What kind of wire should you run?
For wire that's going to be
in a wall the wire needs to be fire rated. This is how flammable the cable jacket
is and how toxic the smoke it releases when it burns is. In order of fire worthiness
from least to most you have:
The difference between CL2 and CL3 is negligible and relates more to it's voltage
carrying capacity than to the jackets fire worthiness. Both CL2 and CL3 are
allowed to be run through the walls or ceiling of a room. CL3R, or Riser rated,
is required when the cable goes between floors. In practice, it's very hard to
find riser rated coax, and most people just run regular CL3. Plenum rated wire
is rated for running in an air space, like an air duct or an elevator shaft. The
jacket is frequently made of Teflon and regardless what it's made of the jacket
generates very little smoke when it burns.
- CL3 Riser Rated
- Plenum Rated
I ran 2 Cat-5e's and 1 coax to a jack in just about every room. For rooms with
speakers, I also ran a pair of speaker wires from my equipment closet in the
basement to the location of the speakers, and a single Cat-5 from the equipment
closet to the location of the keypad to control the speakers.
- Speaker wire
I don't believe in voodoo magic ultra-expensive one-way speaker cable, and I
think monster products are horribly overpriced, so I went with 12 gauge CL3R rated
copper wire from Parts Express.
- Network cable
I used Cat-5e plenum rated cable from
ProVantage. Cat-5 is rated to 100 Mbits/s. Cat-5e is rated to
1000 Mbits/s (Gigabit Ethernet). 100 Mbit only uses two of the four pairs, Gigabit
uses all 4 pairs. For the small difference in cost, run Cat-5e.
- Phone cable
For my phone cable I just used the same plenum rated Cat-5e that I used for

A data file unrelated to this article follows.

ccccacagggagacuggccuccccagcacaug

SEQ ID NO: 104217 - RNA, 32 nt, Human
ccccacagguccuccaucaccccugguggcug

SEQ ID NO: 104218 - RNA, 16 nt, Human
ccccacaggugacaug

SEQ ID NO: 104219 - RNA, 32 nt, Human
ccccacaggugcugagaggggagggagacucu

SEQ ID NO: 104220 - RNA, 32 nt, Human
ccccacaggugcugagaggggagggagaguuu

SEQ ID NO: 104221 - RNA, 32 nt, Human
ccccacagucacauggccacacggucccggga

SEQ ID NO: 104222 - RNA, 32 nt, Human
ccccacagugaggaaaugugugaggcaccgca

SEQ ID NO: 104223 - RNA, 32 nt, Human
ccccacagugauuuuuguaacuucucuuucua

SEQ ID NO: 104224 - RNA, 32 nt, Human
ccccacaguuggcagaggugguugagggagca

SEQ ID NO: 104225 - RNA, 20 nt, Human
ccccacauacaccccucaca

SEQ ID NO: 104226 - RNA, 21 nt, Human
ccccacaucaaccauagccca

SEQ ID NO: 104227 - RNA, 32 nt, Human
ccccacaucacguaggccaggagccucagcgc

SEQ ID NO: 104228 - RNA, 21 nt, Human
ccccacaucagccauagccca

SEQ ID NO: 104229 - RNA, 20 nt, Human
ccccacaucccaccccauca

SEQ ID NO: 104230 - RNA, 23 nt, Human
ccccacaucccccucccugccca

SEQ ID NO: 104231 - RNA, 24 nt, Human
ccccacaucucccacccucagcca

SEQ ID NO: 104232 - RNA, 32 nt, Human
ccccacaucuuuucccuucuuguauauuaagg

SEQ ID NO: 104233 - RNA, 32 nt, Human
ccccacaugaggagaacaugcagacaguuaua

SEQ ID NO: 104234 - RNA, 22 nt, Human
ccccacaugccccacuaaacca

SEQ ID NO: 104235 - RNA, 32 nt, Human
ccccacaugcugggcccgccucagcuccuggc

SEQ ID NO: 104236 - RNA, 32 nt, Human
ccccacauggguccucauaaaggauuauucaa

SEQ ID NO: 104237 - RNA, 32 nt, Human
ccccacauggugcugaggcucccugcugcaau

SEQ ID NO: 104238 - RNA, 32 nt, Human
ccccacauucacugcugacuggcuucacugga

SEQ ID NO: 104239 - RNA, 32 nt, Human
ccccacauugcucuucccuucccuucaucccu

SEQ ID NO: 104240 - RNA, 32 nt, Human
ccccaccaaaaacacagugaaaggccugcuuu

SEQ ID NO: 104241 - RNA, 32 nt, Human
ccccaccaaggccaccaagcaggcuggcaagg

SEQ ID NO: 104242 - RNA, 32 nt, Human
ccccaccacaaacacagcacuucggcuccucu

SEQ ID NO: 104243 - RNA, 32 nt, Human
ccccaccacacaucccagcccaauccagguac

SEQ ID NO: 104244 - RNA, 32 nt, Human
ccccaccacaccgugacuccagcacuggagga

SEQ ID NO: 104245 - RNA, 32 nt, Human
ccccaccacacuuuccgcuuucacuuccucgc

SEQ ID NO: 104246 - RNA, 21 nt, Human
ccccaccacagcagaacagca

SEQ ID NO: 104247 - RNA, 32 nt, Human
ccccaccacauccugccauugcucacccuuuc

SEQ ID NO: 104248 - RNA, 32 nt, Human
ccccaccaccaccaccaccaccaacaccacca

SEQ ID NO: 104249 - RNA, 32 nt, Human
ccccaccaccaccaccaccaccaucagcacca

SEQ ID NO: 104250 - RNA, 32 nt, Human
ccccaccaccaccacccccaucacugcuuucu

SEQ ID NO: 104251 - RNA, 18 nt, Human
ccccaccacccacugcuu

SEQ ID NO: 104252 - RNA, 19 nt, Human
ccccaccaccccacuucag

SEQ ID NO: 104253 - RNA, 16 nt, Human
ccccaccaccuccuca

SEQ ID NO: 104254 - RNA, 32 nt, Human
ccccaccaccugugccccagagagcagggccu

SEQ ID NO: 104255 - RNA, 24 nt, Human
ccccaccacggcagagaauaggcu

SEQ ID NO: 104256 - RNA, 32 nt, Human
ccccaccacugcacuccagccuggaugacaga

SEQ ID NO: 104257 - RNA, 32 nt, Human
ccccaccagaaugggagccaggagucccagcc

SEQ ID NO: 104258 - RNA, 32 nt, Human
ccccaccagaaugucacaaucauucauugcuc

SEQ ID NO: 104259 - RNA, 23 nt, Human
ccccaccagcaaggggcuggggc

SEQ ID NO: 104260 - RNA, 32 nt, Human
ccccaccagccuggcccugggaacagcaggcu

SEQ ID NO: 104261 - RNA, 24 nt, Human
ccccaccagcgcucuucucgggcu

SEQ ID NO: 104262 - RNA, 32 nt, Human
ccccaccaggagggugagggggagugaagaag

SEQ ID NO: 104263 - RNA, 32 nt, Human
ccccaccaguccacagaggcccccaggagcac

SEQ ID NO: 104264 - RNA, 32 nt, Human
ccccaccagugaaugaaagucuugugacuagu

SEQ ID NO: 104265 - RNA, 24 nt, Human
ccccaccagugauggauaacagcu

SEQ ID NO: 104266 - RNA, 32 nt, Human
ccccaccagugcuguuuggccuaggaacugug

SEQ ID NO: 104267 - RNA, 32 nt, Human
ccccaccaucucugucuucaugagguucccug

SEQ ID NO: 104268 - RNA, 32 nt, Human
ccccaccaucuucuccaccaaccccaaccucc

my network cable. It's more than you need for phones, but this way if I ever
need a second network drop all I need to do is sacrifice a phone line in that
room, change the connector from phone to RJ45 and I'm good to go. Cat-3 would
be perfectly acceptable for normal phone service.
- Coax (Cable TV or Satellite)
There are many flavors of coax all of which relate to how much loss there is
in the cable and how immune it is to interference. RG-59 has the least shielding
but is the easiest to run since it's the most flexible. Then there is RG-6,
and RG-6QS (Quad Shield). RG-6 has less loss per foot than RG-59, and RG-6QS
adds a lot more shielding which specifically helps with interference from AC
power lines. I used RG6-QS.
Running the Wire
When you're running your low voltage wire, you should not run it right next to AC
power since that has the potential to cause interference from the AC in the
low voltage wire. You can run it parallel if you just run it a foot
or so away from the AC line. It is acceptable to cross AC power lines as long
as you do so at a 90 degree angle.
Running wire in already existing construction where the walls are not open can
be very challenging. Get an ultrasonic stud finder and a measuring tape and
start looking at the walls of your house. You want a wall that runs
continuously between the two places you need to go, preferably an interior
wall that doesn't have any insulation in it, or if you have an old house
you may find exterior walls that don't have any insulation in them. Use
your stud finder to figure out where the studs are. Measure on every floor
that wall is going through to make sure it doesn't hit a window or door
frame, and then, when you're really sure, you can start cutting out
a small section of drywall and drilling through your floors. Get someone
to help you shine a flashlight through your holes to see if you got it
right. If you did, then you can use fishtape, string with a weight on
it, coat hangers or whatever else your imagination can dream up to help
you pull the wire between floors. If you think of it like a puzzle, it's
kind of fun. On the negative side, if you screw up, you'll get to do a lot
of plaster patching.
New construction? Piece of cake. Run your wire. Drill holls through
studs if necessary to run your wire. Use nailing plates so the drywall
guys don't nail into your wire.